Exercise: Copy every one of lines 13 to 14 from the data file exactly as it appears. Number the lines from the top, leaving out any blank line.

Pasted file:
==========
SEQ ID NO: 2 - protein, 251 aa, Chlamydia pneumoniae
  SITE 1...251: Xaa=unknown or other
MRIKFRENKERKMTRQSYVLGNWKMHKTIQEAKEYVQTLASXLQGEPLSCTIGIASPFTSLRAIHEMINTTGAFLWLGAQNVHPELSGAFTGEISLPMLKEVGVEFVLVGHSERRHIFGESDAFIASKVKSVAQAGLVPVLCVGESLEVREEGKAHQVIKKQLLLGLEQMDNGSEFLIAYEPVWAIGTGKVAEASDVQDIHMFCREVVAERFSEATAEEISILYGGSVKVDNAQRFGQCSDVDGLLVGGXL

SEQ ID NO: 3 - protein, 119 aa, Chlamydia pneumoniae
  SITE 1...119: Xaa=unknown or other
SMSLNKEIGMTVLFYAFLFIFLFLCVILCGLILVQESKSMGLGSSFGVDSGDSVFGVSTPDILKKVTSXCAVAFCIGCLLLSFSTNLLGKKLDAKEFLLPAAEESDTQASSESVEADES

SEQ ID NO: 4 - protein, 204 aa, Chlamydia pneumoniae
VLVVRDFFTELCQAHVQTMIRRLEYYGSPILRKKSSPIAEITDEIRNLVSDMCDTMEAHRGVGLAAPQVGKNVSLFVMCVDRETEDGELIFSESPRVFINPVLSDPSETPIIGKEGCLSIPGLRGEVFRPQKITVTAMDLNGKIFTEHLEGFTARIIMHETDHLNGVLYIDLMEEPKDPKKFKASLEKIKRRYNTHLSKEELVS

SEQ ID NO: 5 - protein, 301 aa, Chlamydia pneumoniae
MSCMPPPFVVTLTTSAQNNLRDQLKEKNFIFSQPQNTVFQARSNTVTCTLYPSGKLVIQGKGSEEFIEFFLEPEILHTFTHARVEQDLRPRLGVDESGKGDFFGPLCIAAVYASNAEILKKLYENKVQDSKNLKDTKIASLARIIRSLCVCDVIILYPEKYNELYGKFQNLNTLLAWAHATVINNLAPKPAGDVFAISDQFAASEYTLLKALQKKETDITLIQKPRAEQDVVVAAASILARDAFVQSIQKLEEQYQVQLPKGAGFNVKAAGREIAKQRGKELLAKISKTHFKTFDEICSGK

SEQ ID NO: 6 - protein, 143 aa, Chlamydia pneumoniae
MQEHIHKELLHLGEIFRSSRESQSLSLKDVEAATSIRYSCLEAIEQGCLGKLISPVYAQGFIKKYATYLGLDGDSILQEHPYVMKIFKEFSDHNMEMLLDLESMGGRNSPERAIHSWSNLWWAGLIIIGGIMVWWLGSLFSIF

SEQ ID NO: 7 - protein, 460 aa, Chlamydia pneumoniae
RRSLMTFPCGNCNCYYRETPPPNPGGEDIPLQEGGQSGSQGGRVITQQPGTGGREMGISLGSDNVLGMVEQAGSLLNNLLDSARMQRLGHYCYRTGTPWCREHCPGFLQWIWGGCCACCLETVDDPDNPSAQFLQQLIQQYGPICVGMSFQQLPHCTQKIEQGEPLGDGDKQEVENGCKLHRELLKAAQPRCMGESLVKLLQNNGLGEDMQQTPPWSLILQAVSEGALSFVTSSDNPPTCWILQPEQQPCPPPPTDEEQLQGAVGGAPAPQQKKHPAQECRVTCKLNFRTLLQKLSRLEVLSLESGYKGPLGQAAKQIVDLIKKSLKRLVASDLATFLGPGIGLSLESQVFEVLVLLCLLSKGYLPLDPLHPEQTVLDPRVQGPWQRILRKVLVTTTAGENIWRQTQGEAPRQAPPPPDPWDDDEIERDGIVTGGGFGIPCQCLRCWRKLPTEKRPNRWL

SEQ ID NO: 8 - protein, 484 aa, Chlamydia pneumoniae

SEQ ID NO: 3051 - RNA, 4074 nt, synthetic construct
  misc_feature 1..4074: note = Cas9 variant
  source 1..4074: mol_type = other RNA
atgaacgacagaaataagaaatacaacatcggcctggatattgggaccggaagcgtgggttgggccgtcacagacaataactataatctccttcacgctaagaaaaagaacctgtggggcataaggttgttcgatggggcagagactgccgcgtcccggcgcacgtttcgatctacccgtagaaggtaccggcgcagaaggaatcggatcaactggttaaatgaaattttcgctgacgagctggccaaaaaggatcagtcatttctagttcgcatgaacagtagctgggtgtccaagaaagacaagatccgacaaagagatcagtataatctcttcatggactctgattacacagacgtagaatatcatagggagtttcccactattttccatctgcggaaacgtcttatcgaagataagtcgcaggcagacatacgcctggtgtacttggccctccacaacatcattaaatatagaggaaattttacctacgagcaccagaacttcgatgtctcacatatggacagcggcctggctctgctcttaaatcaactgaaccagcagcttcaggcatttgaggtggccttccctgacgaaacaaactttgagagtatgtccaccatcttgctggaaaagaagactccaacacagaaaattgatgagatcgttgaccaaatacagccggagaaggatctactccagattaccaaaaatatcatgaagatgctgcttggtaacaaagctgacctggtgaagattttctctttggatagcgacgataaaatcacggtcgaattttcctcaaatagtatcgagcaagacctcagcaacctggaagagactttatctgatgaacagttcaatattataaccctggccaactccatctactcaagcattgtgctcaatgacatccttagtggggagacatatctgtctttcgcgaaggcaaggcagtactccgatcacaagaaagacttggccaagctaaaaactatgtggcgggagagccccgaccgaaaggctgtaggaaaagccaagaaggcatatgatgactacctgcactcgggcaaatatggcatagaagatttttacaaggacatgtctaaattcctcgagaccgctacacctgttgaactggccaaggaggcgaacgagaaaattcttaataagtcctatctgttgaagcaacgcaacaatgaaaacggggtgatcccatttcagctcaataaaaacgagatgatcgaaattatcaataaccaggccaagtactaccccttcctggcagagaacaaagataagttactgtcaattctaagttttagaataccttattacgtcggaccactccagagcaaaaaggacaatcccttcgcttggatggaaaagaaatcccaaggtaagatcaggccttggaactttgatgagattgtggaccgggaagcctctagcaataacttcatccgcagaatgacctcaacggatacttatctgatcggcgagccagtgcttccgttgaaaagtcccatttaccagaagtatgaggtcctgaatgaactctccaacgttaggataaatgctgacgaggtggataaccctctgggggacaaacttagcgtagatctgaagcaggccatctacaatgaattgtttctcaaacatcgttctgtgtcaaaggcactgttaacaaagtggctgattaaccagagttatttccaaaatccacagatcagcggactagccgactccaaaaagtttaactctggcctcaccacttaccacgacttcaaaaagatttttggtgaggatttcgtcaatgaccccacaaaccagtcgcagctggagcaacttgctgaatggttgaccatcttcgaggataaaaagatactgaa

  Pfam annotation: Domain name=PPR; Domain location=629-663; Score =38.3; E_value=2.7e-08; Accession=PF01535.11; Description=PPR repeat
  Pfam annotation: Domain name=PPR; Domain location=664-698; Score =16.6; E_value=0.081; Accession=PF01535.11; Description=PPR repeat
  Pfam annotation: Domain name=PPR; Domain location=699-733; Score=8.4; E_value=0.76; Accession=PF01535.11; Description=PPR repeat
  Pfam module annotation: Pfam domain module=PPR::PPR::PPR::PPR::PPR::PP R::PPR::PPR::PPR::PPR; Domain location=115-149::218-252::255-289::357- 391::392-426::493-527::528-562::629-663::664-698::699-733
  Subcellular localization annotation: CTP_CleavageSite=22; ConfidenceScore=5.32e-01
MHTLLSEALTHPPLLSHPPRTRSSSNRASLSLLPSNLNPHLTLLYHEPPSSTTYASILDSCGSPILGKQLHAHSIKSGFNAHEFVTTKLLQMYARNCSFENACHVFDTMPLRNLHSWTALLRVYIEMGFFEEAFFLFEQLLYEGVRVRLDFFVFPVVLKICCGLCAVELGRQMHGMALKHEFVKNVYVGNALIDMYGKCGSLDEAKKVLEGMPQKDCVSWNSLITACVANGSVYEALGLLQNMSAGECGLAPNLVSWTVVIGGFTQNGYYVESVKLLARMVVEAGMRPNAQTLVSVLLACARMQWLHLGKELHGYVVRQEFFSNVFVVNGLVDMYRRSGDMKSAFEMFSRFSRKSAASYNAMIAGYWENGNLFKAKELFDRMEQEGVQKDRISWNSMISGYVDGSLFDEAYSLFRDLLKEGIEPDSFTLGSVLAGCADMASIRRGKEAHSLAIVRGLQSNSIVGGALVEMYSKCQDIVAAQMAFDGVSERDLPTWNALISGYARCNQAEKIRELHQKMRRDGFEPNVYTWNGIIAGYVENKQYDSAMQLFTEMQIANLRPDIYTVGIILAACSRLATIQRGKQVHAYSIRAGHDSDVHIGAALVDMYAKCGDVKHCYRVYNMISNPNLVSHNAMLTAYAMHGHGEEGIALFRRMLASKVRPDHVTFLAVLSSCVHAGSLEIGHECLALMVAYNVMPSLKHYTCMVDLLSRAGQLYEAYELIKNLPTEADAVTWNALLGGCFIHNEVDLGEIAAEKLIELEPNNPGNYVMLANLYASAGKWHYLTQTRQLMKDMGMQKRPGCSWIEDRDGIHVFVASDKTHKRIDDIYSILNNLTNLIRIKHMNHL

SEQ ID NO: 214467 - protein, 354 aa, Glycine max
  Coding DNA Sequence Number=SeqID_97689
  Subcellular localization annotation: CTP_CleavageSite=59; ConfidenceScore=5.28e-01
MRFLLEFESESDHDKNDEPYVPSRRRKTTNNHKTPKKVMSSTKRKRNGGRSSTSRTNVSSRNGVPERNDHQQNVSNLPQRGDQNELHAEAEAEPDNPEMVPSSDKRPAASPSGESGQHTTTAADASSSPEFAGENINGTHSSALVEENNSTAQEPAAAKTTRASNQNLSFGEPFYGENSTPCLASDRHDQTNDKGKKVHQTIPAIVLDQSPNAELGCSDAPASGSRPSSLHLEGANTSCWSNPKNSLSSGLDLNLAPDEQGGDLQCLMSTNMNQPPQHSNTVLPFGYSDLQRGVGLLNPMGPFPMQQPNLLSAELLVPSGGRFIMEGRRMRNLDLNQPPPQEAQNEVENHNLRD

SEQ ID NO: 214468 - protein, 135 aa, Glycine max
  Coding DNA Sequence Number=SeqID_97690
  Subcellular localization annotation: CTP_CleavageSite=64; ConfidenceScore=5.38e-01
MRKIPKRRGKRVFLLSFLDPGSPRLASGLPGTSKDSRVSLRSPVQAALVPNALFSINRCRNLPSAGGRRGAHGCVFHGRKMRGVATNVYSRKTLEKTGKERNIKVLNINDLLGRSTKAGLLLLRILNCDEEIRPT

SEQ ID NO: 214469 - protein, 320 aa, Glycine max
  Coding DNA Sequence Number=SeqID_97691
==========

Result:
SEQ ID NO: 7 - protein, 460 aa, Chlamydia pneumoniae
RRSLMTFPCGNCNCYYRETPPPNPGGEDIPLQEGGQSGSQGGRVITQQPGTGGREMGISLGSDNVLGMVEQAGSLLNNLLDSARMQRLGHYCYRTGTPWCREHCPGFLQWIWGGCCACCLETVDDPDNPSAQFLQQLIQQYGPICVGMSFQQLPHCTQKIEQGEPLGDGDKQEVENGCKLHRELLKAAQPRCMGESLVKLLQNNGLGEDMQQTPPWSLILQAVSEGALSFVTSSDNPPTCWILQPEQQPCPPPPTDEEQLQGAVGGAPAPQQKKHPAQECRVTCKLNFRTLLQKLSRLEVLSLESGYKGPLGQAAKQIVDLIKKSLKRLVASDLATFLGPGIGLSLESQVFEVLVLLCLLSKGYLPLDPLHPEQTVLDPRVQGPWQRILRKVLVTTTAGENIWRQTQGEAPRQAPPPPDPWDDDEIERDGIVTGGGFGIPCQCLRCWRKLPTEKRPNRWL